The causative organisms for pyomyositis were primarily isolated with pus culture in 38/56 patients (67.9%); pus was acquired either via percutaneous or surgical interventions. Gram-positive organisms were grown in 27 patients (71.05%) while gram-negative organisms were isolated in 14 patients (36.84%). The most common organism cultured from pus was S. aureus (n = 26/38, 68.42%). Out of 27 patients with gram-positive organisms, MSSA was isolated in 18 and MRSA in eight patients. Enterococcus was grown in one patient. Panton-Valentine leukocidin, a cytotoxin frequently associated with community-acquired MRSA (CA-MRSA), was not tested in index study. Among 14 patients with gram-negative isolates, six patients had Escherichia coli in pus culture, three had Acinetobacter baumannii, two each grew Pseudomonas aeruginosa and Klebsiella while one patient’s pus culture grew Proteus mirabilis. Out of six isolates of E. coli, four were resistant to quinolone. We do not have data on extended-spectrum β lactamase (ESBL) production as same was not looked for. Among these patients with gram-negative isolates, five patients had type 2 diabetes mellitus, two had chronic liver disease and one patient had leukaemia. Out of six patients with E. coli pyomyositis, two (33%) died. AFB staining and mycobacterial culture of discharge was positive in two patients. Blood culture yielded the positive result in eight patients (n = 8/62, 12.90%). Three patients had MSSA bacteremia: two had grown E. coli, and one patient each had MRSA, enterococci, and Acenitobacter bacteremia. Various factors including demographic profile, underlying medical diseases, clinical and laboratory parameters, length of hospital stay, and in-hospital outcome were compared between patients with pyomyositis caused by gram-positive and gram-negative organisms. None of them was statistically significantly different except patients with underlying medical diseases had significantly higher culture positivity with gram-negative organisms. Age at presentation was lower in patients with pyomyositis caused by gram-positive organisms although it did not reach statistical significance. We also did a detailed analysis and compared various parameters between patients with MSSA and MRSA infection. Two patients with polymicrobial (both gram-positive and gram-negative organisms) growth documented in drained pus were excluded from this analysis. Patients with MRSA pyomyositis presented relatively early in disease course although difference in duration of fever and muscle swelling before presentation did not reach statistical significance. Substantially higher number of patients with MRSA pyomyositis had received initial inappropriate antibiotic therapy. We also noticed trend towards longer hospital stay in patients with MRSA pyomyositis but it did not reach statistical significance. Further details of comparison between various parameters among patients with MRSA and MSSA pyomyositis have been elaborated in Table 4. Similarly, comparison of variables among patients with positive and negative pus culture result was done (Table 5). Serum urea was significantly higher in culture-positive patients. ESR and TLC were higher and haemoglobin level was lower in patients with positive pus culture report, though difference was not statistically significant. Various complications were noted in the significantly higher number of patients with positive culture result (32/38 [84.21%] vs. 10/18 [55.56%], p = 0.044). Patients with positive culture report had significantly longer hospital stay (duration: median 15 days [IQR, 9.75 to 25] vs. 10.50 days [IQR, 5.75 to 14.50], p = 0.005).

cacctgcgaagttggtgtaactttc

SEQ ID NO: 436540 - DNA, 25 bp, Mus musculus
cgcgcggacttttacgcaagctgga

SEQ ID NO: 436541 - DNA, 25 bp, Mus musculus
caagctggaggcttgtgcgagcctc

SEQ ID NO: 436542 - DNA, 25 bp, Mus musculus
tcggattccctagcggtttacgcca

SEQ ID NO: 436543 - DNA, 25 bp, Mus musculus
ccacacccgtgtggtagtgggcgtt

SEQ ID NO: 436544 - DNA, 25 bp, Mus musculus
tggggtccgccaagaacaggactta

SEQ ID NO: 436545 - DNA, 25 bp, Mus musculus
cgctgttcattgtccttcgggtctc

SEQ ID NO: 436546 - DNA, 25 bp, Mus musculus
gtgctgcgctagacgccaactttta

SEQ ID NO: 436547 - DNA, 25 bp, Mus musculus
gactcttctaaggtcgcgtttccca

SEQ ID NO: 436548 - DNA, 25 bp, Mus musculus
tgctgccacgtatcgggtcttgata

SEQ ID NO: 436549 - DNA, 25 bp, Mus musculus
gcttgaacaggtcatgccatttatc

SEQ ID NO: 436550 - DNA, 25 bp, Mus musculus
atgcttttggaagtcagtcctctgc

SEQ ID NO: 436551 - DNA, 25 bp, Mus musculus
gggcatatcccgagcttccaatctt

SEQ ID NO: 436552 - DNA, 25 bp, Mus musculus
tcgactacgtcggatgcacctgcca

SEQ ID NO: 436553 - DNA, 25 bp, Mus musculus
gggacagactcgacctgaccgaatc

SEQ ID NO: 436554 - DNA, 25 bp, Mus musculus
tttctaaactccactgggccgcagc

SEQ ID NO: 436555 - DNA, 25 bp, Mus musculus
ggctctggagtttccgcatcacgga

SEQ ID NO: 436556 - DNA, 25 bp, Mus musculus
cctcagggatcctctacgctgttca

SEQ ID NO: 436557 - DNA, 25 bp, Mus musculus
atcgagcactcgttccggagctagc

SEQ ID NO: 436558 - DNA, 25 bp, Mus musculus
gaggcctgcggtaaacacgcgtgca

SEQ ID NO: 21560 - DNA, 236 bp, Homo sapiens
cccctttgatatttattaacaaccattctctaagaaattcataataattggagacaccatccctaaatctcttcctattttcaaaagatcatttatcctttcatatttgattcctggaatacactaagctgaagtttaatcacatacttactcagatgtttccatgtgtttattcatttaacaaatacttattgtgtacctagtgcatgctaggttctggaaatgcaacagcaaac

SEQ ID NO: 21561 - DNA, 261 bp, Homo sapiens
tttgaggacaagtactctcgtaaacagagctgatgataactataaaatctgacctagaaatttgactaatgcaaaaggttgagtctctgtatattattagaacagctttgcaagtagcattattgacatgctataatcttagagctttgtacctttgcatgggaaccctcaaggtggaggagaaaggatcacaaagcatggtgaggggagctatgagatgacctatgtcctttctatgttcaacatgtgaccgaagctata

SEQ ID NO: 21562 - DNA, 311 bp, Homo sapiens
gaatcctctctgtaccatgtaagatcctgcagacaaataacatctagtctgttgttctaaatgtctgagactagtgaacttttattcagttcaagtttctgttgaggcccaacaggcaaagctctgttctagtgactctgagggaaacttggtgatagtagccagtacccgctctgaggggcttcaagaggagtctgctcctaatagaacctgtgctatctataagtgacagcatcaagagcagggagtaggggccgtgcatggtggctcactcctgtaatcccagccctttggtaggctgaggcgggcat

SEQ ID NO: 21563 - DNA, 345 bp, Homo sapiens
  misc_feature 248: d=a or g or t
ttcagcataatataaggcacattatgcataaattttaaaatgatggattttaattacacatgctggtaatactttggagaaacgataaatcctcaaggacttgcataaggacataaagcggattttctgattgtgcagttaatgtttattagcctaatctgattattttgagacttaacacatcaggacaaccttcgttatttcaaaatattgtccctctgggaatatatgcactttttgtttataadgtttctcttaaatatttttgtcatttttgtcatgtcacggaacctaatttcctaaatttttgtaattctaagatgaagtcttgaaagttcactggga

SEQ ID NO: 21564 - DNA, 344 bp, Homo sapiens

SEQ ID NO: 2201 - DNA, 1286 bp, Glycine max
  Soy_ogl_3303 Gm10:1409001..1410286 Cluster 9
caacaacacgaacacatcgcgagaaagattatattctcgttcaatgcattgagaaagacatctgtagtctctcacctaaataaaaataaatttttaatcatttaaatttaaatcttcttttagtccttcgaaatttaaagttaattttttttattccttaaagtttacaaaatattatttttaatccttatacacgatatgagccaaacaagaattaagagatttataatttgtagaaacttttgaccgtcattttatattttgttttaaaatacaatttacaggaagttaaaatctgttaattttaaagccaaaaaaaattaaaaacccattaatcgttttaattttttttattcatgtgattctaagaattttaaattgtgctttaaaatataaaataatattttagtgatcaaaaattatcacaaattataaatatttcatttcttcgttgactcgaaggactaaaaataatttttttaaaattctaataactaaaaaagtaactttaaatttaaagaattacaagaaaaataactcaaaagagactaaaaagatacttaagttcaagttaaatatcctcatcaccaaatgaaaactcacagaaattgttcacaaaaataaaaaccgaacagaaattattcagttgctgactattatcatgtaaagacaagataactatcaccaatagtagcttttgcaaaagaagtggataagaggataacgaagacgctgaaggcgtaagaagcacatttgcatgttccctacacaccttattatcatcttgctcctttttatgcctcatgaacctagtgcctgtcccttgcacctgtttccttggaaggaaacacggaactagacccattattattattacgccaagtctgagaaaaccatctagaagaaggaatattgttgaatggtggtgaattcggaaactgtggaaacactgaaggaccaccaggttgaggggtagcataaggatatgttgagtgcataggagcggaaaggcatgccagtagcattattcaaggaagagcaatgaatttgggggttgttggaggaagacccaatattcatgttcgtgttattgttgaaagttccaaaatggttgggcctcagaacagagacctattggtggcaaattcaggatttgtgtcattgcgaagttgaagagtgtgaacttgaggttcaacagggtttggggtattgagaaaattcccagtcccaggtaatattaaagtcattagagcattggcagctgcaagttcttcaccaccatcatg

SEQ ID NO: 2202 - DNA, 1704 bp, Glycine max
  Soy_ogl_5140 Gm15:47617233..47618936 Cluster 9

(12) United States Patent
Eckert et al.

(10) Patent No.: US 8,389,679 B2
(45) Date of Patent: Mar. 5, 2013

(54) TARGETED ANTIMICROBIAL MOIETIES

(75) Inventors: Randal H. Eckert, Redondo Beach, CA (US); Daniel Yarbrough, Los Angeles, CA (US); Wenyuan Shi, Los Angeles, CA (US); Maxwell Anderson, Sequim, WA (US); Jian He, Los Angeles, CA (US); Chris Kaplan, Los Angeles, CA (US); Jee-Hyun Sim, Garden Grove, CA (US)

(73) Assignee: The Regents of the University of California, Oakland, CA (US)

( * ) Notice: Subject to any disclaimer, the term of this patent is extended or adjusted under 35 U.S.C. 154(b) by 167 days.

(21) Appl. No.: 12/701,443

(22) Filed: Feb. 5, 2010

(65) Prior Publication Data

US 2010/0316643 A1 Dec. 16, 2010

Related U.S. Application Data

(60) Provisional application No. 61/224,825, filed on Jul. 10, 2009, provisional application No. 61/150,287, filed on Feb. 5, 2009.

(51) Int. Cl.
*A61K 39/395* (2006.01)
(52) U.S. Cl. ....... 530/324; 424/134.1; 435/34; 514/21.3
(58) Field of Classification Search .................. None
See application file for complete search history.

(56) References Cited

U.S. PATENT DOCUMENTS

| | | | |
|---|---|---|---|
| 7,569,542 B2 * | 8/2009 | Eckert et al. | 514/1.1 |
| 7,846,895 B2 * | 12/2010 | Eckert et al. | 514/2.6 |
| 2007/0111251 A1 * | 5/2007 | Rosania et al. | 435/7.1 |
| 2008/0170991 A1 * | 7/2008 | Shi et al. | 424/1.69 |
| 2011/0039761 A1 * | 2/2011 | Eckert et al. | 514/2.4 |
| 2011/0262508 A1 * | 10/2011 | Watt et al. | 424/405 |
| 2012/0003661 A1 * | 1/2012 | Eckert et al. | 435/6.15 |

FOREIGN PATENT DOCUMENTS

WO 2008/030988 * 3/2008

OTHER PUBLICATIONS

Treatment, outcome, and factors associated with mortality

Six patients (9.68%) were managed with only intravenous antibiotics. Percutaneous drainage in the form of pigtail along with antibiotics was employed in 18 patients (32.14%) and antibiotics plus surgical drainage was used in 38 cases (67.86%). There was no difference in mortality among the group of patients managed with pigtail versus surgical drainage. Thirty-eight patients had organisms isolated from initial pus culture, and antibiotic sensitivity report was available. Among these patients with positive pus culture report, 25 received initial appropriate antibiotics and 13 remaining patients received inappropriate antibiotics. Out of 13 patients receiving initial inappropriate antibiotics, 10 patients developed features of sepsis, and five progressed to severe sepsis. Three of them died.